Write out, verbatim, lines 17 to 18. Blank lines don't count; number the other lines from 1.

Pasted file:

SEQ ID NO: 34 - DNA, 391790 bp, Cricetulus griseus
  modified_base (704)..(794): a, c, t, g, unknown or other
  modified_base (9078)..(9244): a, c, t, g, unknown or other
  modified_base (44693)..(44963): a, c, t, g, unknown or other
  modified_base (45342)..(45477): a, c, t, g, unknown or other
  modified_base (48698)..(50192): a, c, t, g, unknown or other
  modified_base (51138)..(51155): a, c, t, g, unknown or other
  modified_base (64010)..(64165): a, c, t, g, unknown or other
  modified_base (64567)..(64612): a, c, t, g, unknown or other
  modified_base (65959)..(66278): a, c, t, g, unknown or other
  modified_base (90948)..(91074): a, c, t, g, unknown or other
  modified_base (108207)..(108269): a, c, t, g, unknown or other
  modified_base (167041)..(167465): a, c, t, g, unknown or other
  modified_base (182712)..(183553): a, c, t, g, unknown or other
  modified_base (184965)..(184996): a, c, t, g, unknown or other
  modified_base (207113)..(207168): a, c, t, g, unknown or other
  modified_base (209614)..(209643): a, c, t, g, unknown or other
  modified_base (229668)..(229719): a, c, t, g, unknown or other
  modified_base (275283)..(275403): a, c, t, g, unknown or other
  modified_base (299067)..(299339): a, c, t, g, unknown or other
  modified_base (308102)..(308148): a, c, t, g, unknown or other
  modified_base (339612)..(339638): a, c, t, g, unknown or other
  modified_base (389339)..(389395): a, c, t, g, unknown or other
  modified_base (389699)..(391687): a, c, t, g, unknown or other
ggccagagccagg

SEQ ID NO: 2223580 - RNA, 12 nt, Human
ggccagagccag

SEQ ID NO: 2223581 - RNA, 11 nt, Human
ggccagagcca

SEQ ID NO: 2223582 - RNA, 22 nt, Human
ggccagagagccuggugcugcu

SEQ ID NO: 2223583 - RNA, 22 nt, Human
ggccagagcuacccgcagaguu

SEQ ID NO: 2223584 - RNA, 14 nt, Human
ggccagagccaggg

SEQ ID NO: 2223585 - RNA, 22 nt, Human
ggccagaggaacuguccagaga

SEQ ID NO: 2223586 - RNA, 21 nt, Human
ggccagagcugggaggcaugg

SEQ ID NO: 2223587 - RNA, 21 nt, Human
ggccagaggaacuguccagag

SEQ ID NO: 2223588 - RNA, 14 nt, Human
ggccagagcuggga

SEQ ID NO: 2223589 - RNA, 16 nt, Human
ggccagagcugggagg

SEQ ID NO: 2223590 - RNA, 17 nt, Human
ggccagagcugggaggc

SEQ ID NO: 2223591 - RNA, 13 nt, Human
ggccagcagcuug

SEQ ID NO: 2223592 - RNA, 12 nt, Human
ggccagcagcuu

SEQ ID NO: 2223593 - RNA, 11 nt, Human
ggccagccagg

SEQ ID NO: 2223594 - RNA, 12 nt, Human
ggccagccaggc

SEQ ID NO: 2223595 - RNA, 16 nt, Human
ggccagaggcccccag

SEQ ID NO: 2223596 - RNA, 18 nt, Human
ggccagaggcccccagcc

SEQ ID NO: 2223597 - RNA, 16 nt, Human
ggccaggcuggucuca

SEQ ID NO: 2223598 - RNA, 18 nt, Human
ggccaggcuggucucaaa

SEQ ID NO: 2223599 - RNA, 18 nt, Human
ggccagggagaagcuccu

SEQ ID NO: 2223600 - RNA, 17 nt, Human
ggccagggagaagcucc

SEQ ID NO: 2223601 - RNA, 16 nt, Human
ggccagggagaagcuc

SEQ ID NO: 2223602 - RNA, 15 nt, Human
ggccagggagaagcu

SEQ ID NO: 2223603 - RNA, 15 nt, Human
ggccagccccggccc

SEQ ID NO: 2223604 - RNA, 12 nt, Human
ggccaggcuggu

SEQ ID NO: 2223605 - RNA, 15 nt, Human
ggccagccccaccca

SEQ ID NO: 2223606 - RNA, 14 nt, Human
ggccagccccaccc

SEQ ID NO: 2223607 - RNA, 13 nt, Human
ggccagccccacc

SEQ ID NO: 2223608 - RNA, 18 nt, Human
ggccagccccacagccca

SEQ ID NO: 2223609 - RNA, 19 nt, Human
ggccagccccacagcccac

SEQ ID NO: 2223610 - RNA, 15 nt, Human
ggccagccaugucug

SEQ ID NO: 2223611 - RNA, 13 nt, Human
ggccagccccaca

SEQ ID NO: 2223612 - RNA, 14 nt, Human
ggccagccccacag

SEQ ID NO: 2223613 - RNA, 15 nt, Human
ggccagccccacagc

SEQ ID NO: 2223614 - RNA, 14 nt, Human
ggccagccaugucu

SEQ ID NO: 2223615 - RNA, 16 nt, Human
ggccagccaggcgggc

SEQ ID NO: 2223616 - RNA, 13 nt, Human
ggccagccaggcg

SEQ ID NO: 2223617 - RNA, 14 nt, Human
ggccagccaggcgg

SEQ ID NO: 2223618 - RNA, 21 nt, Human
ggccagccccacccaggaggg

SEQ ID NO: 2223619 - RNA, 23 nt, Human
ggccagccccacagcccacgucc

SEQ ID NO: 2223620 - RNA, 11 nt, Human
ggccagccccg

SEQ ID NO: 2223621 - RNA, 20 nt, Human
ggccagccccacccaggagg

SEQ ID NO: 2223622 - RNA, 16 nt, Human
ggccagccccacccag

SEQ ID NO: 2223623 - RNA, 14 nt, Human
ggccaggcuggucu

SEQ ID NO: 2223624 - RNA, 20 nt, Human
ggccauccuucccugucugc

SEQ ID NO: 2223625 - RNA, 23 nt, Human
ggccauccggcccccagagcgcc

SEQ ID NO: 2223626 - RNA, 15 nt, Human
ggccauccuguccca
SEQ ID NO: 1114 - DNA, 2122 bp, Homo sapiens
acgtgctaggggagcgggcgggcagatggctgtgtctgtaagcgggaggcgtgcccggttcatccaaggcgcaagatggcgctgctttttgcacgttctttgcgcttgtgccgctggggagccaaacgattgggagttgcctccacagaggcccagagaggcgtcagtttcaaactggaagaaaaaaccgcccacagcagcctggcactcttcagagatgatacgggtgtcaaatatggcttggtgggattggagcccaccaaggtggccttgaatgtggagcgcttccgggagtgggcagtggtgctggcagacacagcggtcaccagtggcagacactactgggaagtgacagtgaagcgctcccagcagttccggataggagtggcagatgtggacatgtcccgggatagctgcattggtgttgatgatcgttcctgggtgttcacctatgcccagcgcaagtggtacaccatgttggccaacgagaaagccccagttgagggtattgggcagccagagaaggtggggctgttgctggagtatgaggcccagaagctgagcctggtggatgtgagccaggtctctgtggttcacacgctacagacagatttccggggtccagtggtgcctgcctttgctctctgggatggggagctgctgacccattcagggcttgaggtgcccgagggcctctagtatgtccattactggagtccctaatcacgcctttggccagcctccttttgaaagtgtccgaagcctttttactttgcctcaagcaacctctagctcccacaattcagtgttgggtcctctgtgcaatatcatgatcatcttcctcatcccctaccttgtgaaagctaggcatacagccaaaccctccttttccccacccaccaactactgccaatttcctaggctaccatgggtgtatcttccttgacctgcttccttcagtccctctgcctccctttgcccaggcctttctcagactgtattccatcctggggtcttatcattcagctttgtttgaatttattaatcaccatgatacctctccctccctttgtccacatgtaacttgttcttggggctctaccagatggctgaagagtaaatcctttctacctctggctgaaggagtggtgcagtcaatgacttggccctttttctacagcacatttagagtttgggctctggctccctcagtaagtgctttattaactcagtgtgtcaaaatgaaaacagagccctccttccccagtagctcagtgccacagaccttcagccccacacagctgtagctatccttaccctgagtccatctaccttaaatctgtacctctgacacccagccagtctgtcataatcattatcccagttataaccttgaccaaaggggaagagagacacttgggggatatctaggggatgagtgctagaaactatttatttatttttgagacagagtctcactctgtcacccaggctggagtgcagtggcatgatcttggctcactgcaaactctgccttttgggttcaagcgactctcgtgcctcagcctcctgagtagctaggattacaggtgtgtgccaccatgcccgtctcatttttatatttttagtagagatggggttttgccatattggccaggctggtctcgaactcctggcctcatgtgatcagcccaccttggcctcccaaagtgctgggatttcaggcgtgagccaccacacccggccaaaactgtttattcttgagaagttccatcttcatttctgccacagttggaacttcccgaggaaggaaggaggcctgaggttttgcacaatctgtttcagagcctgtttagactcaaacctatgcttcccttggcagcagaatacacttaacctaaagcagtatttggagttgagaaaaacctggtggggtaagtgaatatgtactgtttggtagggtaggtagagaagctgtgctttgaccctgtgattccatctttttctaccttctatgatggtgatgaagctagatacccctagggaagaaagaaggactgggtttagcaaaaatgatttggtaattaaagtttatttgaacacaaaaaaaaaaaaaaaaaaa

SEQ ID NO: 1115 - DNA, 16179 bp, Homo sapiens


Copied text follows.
  modified_base (209614)..(209643): a, c, t, g, unknown or other
  modified_base (229668)..(229719): a, c, t, g, unknown or other